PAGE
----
The Committee of which the Rev. C.H.S. Bower was chairman and Mr A. Knight treasurer and Dr Richardson as starter did their utmost to make the affair a success. Mr Harry Clench was secretary and he worked extremely hard at a difficult task, much of the success of the event being due to his efforts.
A dance in the village hall from 10.30 to 2.30 brought a good company together and was thoroughly enjoyed, music being provided by the Child Okeford Quadrille Band
1925 Resume Western Gazette article
A few years ago, a local representative committee met together to hold an annual sports meeting in the village. The first was ruined by drenching rain, another by a foot and mouth outbreak but this year’s function passed off successfully. There was a short thunder shower during the day but it caused no inconvenience.
Mr Hall placed two of his fields at the disposal of the committee. The afternoon programme consisted of local and open events, athletics during the afternoon followed by several events for ponies and horses. There was also a musical chairs on bicycles competition, a race for members of the committee and an open tug of war competition.
Various other attractions had been provided. A bowling competition for a live pig and a couple of cockerels was a popular source of amusement. A good number of the travelling fete attractions were stationed in the field and were largely patronized in the evening. The local brass band was in attendance and played for dancing in the evening.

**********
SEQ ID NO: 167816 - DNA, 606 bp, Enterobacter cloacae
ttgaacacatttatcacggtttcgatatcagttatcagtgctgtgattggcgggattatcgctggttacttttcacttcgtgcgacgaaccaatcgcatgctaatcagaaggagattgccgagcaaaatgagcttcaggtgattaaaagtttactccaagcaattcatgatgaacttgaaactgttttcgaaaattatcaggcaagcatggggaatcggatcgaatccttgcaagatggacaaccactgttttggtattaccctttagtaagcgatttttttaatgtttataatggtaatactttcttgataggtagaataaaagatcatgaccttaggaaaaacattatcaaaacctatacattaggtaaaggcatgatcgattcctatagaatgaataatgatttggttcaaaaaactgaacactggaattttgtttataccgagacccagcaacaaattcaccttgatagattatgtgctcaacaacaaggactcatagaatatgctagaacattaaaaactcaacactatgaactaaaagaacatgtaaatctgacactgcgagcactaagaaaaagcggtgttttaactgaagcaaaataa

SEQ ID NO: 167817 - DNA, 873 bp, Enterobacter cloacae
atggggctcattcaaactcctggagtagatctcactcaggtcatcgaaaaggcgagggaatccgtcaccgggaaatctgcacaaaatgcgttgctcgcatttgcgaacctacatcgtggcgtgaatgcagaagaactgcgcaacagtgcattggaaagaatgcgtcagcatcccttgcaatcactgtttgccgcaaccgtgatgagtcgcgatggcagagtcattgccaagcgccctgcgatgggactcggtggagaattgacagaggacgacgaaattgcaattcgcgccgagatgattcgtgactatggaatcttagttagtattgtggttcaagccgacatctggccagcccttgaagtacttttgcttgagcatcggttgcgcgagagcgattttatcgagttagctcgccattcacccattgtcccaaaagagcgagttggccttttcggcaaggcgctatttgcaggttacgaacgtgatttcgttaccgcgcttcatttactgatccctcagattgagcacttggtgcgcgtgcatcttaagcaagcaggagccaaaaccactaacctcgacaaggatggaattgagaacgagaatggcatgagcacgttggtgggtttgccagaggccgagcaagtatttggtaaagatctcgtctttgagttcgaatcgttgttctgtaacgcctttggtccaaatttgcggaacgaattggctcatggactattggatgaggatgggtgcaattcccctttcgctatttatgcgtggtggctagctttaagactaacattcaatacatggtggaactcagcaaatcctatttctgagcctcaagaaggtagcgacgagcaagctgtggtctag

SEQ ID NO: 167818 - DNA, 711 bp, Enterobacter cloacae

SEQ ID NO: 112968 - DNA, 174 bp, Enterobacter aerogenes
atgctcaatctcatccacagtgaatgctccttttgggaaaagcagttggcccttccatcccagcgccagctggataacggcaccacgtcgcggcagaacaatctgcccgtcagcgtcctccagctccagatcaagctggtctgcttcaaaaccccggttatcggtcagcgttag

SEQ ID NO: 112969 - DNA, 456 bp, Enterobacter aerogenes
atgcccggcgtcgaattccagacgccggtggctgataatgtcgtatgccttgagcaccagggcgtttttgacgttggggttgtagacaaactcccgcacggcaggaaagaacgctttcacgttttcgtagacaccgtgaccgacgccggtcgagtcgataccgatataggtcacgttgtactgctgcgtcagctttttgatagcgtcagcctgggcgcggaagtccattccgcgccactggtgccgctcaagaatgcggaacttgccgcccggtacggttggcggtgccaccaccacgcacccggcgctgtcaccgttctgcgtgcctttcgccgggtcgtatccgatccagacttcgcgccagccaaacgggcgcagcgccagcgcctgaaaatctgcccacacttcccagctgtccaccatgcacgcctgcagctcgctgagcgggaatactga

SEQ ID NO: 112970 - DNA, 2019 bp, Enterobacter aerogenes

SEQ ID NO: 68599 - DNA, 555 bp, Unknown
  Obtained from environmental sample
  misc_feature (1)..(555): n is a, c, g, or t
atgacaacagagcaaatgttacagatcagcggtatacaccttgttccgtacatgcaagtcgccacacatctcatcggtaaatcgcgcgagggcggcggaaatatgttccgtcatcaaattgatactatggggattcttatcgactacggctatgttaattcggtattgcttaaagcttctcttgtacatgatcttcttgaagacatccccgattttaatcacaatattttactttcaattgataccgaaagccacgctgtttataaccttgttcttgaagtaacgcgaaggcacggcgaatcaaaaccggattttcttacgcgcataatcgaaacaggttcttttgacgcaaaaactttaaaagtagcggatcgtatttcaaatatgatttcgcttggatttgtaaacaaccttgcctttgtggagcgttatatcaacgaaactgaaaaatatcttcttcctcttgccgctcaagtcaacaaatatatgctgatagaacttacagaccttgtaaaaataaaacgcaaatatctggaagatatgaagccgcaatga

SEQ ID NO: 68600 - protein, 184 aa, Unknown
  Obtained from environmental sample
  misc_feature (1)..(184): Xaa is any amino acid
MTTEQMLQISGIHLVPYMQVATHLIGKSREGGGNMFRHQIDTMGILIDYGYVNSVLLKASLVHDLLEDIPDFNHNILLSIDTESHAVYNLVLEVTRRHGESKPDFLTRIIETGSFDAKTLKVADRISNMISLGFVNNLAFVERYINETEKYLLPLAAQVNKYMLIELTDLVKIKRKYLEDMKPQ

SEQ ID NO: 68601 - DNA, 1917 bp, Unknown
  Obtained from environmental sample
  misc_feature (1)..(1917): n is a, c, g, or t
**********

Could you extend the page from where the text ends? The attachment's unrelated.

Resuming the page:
1946 Resume Western Gazette article
The annual gymkhana and pony races in a field lent by Mr E. Chaffey produced the biggest entry on record and it was late in the evening before the programme was completed. Over 100 horses – many of them well known hurdlers from over a wide area – took part. The large number of spectators witnessed some keen jumping and riding events.
While not attracting a very big entry the pony races produced some keen finishes. Mr T.W. Blanchard’s “Smoke” won the silver cup awarded for the horse or pony gaining the highest number of points in the gymkhana events.
1949 Barnet’s Folly
Child Okeford Theatre Club
The club started during the war by William (Bill) Young continued its popular productions after the war to raise money for troops returning home.
Annual productions included “Painted Sparrows”, “Immortal Garden”, “Easy Money”, “If Four Walls Told” and “Barnet’s Folly”.
“Barnet’s Folly” won a certificate of Merit at the Dorset Drama League Festival in 1949, where the adjudicator made special mention of several fine performances.
When Bill Young left the village in the early fifties the club closed.
The 1949 play was reviewed by the Western Gazette
“The reputation of this club has spread a long way beyond the village and when its members presented their latest production “Barnet’s Folly” large audiences filled the village hall to capacity.
The club does not boast a large membership and the producer William Young had to find four new members for this production. The members include two farmers, a school mistress and a chauffeur.